For tens of thousands of Vietnam veterans entitled to long-sought benefits connected to toxic exposure, recent statements from VA Secretary Denis McDonough hold promise, but offer few specifics.
As reported by Military Times and Military.com, McDonough on Feb. 23 pledged an “urgent” review of the process that will extend benefits to tens of thousands of veterans suffering from bladder cancer, hypothyroidism, and Parkinsonism – conditions added to the list of those connected to Agent Orange exposure as part of the FY 2021 National Defense Authorization Act (NDAA). A presumptive condition means that if a claimant's exposure to Agent Orange is validated, then the disease is presumed to be service-connected.
MOAA pushed for the addition of the language to the NDAA and will continue to advocate for these veterans as the benefit takes shape. MOAA also seeks more comprehensive reform to the VA’s approach to toxic exposure – measures that will make the department more responsive not just to Vietnam veterans, but to those exposed to burn pits in Iraq and Afghanistan, to firefighting chemicals on military installations, and to the families and caregivers of all these individuals.
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MOAA applauds McDonough’s pledge, along with statements that indicate plans to cut the implementation period for these benefits compared with earlier estimates. However, without a target date or more specifics, the long and undeserved wait for these veterans to receive benefits earned decades ago will continue.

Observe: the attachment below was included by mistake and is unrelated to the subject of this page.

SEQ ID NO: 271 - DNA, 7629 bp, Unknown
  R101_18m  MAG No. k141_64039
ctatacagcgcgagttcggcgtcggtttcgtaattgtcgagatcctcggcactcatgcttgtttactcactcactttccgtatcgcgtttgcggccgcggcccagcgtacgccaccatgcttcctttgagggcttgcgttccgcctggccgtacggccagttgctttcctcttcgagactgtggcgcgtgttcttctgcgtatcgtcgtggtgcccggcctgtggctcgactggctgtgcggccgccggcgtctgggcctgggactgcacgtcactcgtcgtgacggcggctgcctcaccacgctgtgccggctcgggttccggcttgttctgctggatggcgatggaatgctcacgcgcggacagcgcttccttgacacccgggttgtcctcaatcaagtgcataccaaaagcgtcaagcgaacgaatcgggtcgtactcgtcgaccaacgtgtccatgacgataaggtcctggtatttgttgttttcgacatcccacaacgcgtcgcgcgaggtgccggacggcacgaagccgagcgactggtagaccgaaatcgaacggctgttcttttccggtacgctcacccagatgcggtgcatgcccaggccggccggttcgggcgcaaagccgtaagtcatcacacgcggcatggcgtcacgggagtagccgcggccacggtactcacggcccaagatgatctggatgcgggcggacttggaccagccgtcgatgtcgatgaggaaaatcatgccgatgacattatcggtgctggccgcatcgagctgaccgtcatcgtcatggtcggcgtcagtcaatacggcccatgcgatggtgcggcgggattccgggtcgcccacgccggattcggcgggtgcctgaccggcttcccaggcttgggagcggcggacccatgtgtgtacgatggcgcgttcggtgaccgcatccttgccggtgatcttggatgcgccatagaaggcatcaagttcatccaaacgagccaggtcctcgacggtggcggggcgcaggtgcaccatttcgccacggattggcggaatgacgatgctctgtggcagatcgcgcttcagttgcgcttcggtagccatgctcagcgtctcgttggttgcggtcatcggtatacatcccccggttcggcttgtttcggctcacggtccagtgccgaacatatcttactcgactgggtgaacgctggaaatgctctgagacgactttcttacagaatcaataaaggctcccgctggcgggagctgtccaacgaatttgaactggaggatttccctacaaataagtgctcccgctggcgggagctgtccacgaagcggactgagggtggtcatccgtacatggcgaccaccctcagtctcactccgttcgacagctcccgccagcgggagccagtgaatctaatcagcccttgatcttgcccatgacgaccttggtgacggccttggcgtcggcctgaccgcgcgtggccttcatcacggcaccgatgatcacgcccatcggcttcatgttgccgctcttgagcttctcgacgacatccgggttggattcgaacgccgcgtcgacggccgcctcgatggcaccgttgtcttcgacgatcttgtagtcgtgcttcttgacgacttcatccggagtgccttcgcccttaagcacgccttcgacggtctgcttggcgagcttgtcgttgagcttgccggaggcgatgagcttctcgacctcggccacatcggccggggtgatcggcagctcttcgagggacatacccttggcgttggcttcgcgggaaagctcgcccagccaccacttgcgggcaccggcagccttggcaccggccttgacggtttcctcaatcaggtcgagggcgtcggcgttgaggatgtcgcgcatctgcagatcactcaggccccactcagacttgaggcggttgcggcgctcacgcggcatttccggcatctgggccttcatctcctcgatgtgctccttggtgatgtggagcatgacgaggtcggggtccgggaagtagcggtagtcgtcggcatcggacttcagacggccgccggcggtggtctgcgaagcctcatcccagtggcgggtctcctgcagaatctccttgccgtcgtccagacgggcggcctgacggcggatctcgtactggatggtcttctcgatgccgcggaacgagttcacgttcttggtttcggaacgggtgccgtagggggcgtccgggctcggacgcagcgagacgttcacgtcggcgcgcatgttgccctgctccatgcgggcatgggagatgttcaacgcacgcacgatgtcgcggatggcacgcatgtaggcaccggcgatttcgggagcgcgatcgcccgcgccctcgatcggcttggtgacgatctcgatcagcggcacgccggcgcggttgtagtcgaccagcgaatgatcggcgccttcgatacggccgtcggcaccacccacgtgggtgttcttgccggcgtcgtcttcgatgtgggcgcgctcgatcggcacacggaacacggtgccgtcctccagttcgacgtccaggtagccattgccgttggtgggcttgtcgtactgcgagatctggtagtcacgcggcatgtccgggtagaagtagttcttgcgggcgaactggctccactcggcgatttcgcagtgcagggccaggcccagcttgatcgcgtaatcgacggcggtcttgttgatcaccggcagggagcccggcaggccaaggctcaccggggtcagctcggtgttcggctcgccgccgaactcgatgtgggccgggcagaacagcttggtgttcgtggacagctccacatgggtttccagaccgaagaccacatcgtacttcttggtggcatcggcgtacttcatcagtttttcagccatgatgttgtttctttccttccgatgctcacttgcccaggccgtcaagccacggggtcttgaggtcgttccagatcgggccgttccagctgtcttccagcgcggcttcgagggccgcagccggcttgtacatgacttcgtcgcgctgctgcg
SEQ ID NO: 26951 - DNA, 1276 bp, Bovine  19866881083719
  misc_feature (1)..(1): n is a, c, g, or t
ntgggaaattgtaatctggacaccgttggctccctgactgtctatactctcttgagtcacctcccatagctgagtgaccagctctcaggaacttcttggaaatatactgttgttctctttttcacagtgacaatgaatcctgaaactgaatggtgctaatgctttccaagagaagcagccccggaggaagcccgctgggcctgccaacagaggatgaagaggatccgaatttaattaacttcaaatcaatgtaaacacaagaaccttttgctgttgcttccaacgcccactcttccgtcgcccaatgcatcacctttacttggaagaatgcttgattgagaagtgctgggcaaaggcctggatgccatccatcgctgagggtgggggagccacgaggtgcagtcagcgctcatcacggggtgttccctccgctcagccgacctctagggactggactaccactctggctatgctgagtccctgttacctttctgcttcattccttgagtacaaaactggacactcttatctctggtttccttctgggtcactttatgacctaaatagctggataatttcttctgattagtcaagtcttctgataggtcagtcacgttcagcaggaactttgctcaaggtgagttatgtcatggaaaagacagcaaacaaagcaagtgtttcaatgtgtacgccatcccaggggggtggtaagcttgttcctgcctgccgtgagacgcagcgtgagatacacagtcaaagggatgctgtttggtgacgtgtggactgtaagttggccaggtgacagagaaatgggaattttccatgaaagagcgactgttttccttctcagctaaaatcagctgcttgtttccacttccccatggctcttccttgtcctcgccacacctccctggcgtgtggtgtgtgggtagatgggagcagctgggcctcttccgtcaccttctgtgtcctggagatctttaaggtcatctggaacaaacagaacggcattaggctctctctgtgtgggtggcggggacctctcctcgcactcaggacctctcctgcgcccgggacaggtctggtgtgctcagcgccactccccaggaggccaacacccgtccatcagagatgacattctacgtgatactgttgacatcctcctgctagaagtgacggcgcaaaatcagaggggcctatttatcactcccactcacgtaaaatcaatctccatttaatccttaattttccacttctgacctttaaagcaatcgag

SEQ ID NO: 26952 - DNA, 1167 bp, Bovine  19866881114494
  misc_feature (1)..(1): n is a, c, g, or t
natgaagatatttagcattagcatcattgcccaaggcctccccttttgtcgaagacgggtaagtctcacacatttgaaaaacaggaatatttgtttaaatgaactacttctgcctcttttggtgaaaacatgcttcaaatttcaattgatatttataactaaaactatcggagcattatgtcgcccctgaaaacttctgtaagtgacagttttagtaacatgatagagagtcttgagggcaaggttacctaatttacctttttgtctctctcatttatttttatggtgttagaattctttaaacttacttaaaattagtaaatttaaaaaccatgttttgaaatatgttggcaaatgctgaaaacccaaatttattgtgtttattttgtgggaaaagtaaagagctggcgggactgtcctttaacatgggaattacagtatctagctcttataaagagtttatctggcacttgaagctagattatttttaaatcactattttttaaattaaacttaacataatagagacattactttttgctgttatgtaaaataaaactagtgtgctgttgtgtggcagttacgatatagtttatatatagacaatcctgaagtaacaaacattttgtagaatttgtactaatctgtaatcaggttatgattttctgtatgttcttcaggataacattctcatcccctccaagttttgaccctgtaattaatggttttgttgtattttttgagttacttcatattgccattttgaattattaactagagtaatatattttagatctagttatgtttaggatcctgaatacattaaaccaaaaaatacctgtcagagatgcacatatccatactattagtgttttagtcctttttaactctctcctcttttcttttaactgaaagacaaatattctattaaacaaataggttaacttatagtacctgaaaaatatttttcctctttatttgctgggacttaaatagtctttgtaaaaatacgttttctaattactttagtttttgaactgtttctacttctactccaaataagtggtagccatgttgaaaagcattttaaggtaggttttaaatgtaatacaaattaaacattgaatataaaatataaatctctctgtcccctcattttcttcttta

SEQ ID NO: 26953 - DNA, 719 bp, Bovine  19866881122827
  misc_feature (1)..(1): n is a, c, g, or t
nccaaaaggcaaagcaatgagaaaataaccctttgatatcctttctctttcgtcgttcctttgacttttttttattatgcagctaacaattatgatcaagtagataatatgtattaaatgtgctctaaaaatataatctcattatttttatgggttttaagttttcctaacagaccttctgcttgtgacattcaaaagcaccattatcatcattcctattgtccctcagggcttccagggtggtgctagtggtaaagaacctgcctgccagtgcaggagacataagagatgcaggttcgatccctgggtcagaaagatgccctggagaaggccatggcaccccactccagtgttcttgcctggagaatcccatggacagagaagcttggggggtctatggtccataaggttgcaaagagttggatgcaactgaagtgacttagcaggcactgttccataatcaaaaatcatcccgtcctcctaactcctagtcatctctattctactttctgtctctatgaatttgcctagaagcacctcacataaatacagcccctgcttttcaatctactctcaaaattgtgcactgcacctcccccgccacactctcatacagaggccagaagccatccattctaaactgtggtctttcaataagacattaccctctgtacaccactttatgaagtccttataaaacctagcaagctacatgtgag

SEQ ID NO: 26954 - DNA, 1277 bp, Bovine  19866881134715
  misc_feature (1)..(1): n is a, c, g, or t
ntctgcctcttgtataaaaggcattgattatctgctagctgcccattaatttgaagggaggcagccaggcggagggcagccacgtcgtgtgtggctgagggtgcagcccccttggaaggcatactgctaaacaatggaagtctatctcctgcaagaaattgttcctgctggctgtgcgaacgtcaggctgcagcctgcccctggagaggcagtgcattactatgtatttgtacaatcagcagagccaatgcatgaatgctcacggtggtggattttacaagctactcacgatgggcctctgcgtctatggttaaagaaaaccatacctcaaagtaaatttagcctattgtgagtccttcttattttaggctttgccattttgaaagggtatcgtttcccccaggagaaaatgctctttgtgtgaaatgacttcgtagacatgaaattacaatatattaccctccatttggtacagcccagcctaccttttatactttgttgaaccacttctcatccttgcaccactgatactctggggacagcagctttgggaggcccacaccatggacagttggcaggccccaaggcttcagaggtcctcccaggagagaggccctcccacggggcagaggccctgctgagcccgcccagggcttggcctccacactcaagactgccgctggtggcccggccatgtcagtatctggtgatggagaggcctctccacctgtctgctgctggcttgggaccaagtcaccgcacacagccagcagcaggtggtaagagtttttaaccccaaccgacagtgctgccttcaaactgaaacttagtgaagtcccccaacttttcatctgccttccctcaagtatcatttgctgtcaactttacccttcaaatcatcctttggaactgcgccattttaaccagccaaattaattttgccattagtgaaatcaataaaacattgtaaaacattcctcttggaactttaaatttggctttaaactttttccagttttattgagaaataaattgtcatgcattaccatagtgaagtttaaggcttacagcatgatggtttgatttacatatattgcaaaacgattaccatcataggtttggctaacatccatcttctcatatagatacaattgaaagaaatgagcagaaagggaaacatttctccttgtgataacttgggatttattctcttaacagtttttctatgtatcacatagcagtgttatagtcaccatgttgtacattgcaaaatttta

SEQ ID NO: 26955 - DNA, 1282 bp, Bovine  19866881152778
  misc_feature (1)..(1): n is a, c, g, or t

McDonough also indicated willingness to look at adding hypertension to the list of Agent Orange presumptive conditions – a move MOAA endorsed as part of advocacy efforts connected to the other illnesses. It was part of initial legislation but was eliminated during the NDAA process, likely because of budget concerns. VA believes additional research is needed for hypertension – research that has been delayed because of COVID-19.
[RELATED AT MILITARY TIMES: Adding High Blood Pressure to List of Presumptive Agent Orange Illnesses a Key Focus for Lawmakers]
“MOAA looks forward to working with VA leadership on the issue of toxic exposure, and we’re more than pleased that it’s a priority for the secretary and his new team,” said Cory Titus, director of veteran benefits and Guard/Reserve affairs for MOAA’s Government Relations team. “Toxic exposure reform is one of our Advocacy in Action focus areas for a reason – veterans across generations are being denied the care and benefits they deserve, and structural reforms are needed to fix that.”
In the months ahead, MOAA will be seeking support from members and others in sharing our message of comprehensive toxic exposure reform. Please keep tabs on MOAA’s website, including the Advocacy News page, for updates.
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